Committee member Andrew Hutchings (who has a transport qualification), Peter Bradburn (a former transport consultant) and I (a passenger) have been studying TfL’s proposals. On 3rd October we posted a summary with some initial thoughts on this website, and invited your comments. Nineteen of you responded, and all your points have been considered.
Below is the full text we have submitted to TfL on behalf of the Barnet Society. It also includes our comment about reductions on bus routes in Inner & Central London, which we generally support – especially if some of the savings benefit Barnet.
If you disagree – or agree – you can still submit your personal comments direct to TfL up till 9th November on https://consultations.tfl.gov.uk/buses/route-384/
BARNET SOCIETY RESPONSE TO TfL
Route 384 – Extension to Edgware
In principle, we support extending the existing route to Edgware. As we pointed out in 2013 to the Transport Committee of the London Assembly and in 2017 to the Mayor of London, Chipping Barnet’s bus connections do need improvement to the east, west and north. But we also value the reliability and inclusivity of the present Cockfosters-Quinta Drive route.
Ideally we would prefer both to keep the existing 384 route and to extend it. We recognise that TfL is likely to require a cost-neutral solution, however, and that running the 384 via Apex Corner would impair its reliability at congested times.
At present the advantages of a direct Edgware extension seem limited chiefly to:
- students of the Jewish Community Secondary School – whose needs could be met by school coaches;
- patients referred to Edgware Community Hospital – though they would have to change at Edgware;
- employees and visitors to the new Council offices at Colindale; and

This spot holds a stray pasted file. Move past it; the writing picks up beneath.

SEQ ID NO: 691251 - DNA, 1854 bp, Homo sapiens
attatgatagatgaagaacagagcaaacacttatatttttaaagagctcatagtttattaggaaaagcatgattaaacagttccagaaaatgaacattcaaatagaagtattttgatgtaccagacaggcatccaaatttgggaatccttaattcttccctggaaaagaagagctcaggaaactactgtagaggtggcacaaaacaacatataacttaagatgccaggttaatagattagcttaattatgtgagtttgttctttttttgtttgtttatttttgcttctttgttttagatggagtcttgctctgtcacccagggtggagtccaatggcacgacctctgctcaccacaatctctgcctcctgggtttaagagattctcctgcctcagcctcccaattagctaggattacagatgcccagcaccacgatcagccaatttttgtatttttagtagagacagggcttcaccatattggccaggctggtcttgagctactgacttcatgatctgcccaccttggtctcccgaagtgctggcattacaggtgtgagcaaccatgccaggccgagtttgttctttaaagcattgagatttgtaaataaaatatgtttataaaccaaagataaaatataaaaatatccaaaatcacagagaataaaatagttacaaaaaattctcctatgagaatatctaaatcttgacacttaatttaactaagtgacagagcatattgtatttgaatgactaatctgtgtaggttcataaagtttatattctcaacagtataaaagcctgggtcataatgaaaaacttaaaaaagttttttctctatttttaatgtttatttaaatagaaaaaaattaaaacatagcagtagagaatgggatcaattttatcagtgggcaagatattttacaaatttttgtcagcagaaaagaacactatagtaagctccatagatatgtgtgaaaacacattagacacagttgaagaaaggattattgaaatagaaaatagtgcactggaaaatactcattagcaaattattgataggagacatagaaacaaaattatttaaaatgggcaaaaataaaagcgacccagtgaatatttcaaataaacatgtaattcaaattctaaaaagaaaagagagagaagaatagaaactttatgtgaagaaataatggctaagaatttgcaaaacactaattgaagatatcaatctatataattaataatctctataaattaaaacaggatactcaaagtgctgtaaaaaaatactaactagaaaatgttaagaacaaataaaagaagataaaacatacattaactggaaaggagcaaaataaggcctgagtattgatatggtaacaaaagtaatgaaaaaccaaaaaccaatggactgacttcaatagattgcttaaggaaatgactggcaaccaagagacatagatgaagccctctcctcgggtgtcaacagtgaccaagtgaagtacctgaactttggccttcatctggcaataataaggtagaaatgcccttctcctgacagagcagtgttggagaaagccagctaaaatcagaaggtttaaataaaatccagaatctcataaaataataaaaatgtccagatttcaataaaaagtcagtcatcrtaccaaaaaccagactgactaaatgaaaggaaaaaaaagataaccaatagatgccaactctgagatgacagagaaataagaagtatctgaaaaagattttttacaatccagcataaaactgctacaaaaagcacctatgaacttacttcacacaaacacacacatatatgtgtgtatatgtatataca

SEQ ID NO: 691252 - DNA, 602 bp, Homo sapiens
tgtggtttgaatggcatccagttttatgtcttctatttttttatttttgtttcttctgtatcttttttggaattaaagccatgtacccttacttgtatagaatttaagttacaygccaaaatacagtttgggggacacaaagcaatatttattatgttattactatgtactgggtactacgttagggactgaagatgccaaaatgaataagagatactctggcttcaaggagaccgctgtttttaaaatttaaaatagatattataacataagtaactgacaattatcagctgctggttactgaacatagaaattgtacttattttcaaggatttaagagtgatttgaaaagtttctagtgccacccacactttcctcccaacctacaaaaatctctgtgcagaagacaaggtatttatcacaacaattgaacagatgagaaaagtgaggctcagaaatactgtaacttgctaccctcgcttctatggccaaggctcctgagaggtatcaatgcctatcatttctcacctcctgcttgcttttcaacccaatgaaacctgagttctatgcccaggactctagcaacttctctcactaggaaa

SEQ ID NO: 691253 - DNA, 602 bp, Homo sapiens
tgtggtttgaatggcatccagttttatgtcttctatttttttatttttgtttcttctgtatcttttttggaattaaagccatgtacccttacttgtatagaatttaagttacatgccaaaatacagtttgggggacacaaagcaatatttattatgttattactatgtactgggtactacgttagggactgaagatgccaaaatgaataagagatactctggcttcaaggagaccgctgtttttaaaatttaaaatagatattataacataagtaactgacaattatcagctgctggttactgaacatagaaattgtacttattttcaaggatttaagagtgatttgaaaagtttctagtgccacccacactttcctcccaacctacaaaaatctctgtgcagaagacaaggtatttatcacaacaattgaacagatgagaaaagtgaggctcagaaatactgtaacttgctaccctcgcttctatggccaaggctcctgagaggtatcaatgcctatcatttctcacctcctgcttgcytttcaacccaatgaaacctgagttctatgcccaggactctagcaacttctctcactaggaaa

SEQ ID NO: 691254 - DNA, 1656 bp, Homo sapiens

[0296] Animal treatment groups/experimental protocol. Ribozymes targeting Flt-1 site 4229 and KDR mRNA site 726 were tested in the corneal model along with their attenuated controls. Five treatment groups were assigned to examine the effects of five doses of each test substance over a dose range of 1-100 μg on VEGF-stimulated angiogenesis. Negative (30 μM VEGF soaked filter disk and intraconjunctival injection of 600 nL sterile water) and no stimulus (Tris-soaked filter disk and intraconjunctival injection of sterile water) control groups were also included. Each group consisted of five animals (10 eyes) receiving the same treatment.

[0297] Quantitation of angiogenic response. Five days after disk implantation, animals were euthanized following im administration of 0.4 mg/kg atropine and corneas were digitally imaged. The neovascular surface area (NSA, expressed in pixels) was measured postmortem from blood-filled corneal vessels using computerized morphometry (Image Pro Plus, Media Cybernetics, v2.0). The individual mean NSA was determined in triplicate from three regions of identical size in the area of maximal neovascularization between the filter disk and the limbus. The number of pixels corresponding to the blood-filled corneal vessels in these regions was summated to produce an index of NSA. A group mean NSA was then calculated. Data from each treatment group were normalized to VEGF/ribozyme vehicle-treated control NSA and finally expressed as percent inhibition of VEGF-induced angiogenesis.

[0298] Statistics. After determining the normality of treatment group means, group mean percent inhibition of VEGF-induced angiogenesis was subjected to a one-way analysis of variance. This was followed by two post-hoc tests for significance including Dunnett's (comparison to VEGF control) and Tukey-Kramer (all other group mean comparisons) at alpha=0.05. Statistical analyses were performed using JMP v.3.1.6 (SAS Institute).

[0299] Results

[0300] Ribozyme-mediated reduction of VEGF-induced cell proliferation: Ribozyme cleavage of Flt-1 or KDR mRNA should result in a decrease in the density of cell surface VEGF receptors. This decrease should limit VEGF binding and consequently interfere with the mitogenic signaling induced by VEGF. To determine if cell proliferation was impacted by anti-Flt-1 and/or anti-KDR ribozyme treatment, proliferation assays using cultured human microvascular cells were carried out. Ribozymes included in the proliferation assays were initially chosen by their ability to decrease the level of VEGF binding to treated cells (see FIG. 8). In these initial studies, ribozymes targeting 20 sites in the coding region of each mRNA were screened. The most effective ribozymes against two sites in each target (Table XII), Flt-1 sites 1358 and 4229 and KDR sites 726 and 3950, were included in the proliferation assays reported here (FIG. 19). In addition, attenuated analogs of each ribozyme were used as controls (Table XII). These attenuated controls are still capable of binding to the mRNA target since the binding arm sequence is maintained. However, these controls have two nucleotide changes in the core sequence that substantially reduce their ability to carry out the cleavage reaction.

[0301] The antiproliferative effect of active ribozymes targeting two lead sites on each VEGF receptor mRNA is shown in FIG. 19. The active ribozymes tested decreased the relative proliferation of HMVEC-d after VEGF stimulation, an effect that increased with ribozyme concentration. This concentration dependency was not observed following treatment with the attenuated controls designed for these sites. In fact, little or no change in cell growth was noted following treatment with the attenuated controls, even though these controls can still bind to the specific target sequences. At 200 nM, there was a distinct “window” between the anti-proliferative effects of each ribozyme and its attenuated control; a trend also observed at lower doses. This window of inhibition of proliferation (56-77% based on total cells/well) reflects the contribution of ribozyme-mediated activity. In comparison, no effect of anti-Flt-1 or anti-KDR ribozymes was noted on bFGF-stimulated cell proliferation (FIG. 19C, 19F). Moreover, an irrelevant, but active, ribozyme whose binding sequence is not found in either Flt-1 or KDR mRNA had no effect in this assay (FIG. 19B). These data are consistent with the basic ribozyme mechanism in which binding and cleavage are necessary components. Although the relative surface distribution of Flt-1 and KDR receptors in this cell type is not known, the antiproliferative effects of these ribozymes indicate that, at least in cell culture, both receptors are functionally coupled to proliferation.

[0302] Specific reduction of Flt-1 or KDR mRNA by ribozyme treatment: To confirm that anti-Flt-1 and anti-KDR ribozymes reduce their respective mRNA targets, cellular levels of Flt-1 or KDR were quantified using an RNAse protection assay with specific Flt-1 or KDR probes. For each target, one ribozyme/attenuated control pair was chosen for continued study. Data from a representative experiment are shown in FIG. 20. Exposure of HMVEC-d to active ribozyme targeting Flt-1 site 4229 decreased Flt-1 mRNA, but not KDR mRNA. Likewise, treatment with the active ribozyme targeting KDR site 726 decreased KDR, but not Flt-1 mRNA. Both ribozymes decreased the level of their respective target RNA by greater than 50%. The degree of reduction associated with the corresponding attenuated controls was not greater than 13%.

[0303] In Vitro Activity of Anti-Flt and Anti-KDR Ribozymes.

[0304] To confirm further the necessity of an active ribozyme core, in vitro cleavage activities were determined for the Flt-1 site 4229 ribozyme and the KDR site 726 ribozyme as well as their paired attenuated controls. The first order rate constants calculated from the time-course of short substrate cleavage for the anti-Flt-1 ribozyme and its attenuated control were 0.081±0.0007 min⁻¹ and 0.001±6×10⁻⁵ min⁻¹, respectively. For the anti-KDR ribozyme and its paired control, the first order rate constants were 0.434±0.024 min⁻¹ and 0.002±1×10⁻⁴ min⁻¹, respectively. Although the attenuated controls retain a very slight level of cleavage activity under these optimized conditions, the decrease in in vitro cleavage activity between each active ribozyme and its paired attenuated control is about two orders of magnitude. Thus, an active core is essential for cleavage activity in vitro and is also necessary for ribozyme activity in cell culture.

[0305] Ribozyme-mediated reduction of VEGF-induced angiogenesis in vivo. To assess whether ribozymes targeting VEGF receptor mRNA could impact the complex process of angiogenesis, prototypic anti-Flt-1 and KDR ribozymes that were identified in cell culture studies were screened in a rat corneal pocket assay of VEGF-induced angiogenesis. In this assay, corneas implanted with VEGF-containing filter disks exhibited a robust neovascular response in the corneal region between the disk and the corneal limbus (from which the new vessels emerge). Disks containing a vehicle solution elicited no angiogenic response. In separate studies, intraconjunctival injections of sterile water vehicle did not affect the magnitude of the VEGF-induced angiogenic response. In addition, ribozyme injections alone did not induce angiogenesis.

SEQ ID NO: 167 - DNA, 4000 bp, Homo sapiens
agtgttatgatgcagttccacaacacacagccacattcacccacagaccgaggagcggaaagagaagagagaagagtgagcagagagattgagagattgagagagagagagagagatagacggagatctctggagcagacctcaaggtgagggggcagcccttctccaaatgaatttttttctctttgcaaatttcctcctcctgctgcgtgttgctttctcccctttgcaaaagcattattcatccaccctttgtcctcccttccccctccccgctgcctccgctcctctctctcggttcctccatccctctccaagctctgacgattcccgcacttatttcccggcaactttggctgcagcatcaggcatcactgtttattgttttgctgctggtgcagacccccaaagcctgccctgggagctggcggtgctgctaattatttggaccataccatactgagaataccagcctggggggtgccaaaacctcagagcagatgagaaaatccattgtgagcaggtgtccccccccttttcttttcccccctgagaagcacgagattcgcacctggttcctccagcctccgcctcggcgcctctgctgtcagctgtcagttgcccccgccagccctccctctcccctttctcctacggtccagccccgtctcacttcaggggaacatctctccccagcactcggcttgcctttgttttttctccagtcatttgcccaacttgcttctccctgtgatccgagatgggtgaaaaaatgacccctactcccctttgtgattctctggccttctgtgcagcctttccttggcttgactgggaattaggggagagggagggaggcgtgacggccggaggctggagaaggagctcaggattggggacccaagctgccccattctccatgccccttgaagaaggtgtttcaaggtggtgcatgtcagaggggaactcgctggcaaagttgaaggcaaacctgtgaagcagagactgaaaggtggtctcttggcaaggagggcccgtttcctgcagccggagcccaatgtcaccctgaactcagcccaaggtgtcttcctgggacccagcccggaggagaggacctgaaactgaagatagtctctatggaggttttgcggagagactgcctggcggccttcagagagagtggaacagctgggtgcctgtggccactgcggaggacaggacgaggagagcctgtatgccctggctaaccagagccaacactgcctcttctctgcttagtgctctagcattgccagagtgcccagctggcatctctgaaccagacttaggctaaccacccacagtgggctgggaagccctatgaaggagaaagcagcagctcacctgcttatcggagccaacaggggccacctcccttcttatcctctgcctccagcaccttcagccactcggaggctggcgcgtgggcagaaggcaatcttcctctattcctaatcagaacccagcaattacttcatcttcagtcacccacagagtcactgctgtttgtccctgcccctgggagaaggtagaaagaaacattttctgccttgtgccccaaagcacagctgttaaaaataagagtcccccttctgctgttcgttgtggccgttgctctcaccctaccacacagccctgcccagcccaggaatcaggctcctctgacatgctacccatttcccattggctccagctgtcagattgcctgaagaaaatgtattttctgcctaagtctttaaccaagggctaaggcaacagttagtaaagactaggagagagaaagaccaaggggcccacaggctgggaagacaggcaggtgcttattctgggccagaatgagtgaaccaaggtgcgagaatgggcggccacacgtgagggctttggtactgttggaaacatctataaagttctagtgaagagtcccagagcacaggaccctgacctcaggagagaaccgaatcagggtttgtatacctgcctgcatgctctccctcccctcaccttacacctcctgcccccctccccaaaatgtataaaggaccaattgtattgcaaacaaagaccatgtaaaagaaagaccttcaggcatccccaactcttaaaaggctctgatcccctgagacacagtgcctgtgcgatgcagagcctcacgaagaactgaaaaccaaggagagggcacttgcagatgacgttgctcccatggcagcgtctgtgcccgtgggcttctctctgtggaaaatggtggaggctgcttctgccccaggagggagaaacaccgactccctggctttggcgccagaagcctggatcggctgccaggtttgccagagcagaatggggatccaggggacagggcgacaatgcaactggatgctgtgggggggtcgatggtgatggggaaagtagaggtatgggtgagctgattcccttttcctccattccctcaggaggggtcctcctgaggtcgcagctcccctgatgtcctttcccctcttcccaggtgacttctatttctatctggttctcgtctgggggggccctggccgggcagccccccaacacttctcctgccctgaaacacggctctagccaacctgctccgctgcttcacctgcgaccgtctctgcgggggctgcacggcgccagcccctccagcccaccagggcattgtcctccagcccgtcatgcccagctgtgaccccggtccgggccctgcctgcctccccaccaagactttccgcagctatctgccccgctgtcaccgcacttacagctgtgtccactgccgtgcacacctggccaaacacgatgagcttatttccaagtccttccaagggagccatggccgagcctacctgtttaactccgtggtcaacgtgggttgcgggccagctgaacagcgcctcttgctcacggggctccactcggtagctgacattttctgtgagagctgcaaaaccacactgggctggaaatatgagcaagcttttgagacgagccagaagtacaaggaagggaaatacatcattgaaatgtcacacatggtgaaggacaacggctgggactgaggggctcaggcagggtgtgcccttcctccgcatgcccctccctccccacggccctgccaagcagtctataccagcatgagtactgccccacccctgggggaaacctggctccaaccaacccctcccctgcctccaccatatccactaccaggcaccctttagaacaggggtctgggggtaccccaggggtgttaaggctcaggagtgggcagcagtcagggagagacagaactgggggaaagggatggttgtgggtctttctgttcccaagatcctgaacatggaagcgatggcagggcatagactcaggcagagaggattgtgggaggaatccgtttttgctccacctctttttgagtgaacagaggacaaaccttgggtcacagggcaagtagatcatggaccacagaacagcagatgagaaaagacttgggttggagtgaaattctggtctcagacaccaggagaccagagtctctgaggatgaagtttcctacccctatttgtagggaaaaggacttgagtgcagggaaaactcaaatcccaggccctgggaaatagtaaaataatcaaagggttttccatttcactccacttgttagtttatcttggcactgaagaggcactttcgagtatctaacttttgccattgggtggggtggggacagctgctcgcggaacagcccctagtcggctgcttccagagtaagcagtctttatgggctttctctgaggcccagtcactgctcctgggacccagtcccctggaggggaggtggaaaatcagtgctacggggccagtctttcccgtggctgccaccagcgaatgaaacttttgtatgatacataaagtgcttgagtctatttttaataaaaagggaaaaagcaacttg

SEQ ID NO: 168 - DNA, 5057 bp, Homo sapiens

- on alternate Saturdays in the football season, Barnet FC supporters
These gains are relatively unproven compared with the clear detriment of the proposed change to existing users – particularly the less mobile, elderly and carless people with children and/or shopping in East, New and High Barnet.
We are left wondering if an important TfL consideration is to compete with Unō’s 614 route between Barnet, Edgware and Queensbury at minimal additional cost.
Our conclusion is that, unless ridership statistics can be produced to demonstrate otherwise, the 384 service should be retained in its present form, with only minimal changes.
Route 384 – East & New Barnet
New Barnet residents have fought for years to retain its existing town centre shopping and other facilities. These include:
- New Barnet Station
- The Post Office
- The East Barnet Health Centre
- The British Legion
- Several nursery, primary and secondary schools
- The tennis club (where voting takes place for local and government elections)
- The new Aldi store (at the junction of Brookhill and Crescent Roads).
Direct service to all of these would be lost if TfL’s proposal goes ahead.
We are also concerned about the proposal to re-route the 384 along Victoria Road. Over several stretches the pavements are narrow and give scant protection to pedestrians. Peak-time congestion frequently occurs at the crucial Park Road/ Victoria Road junction.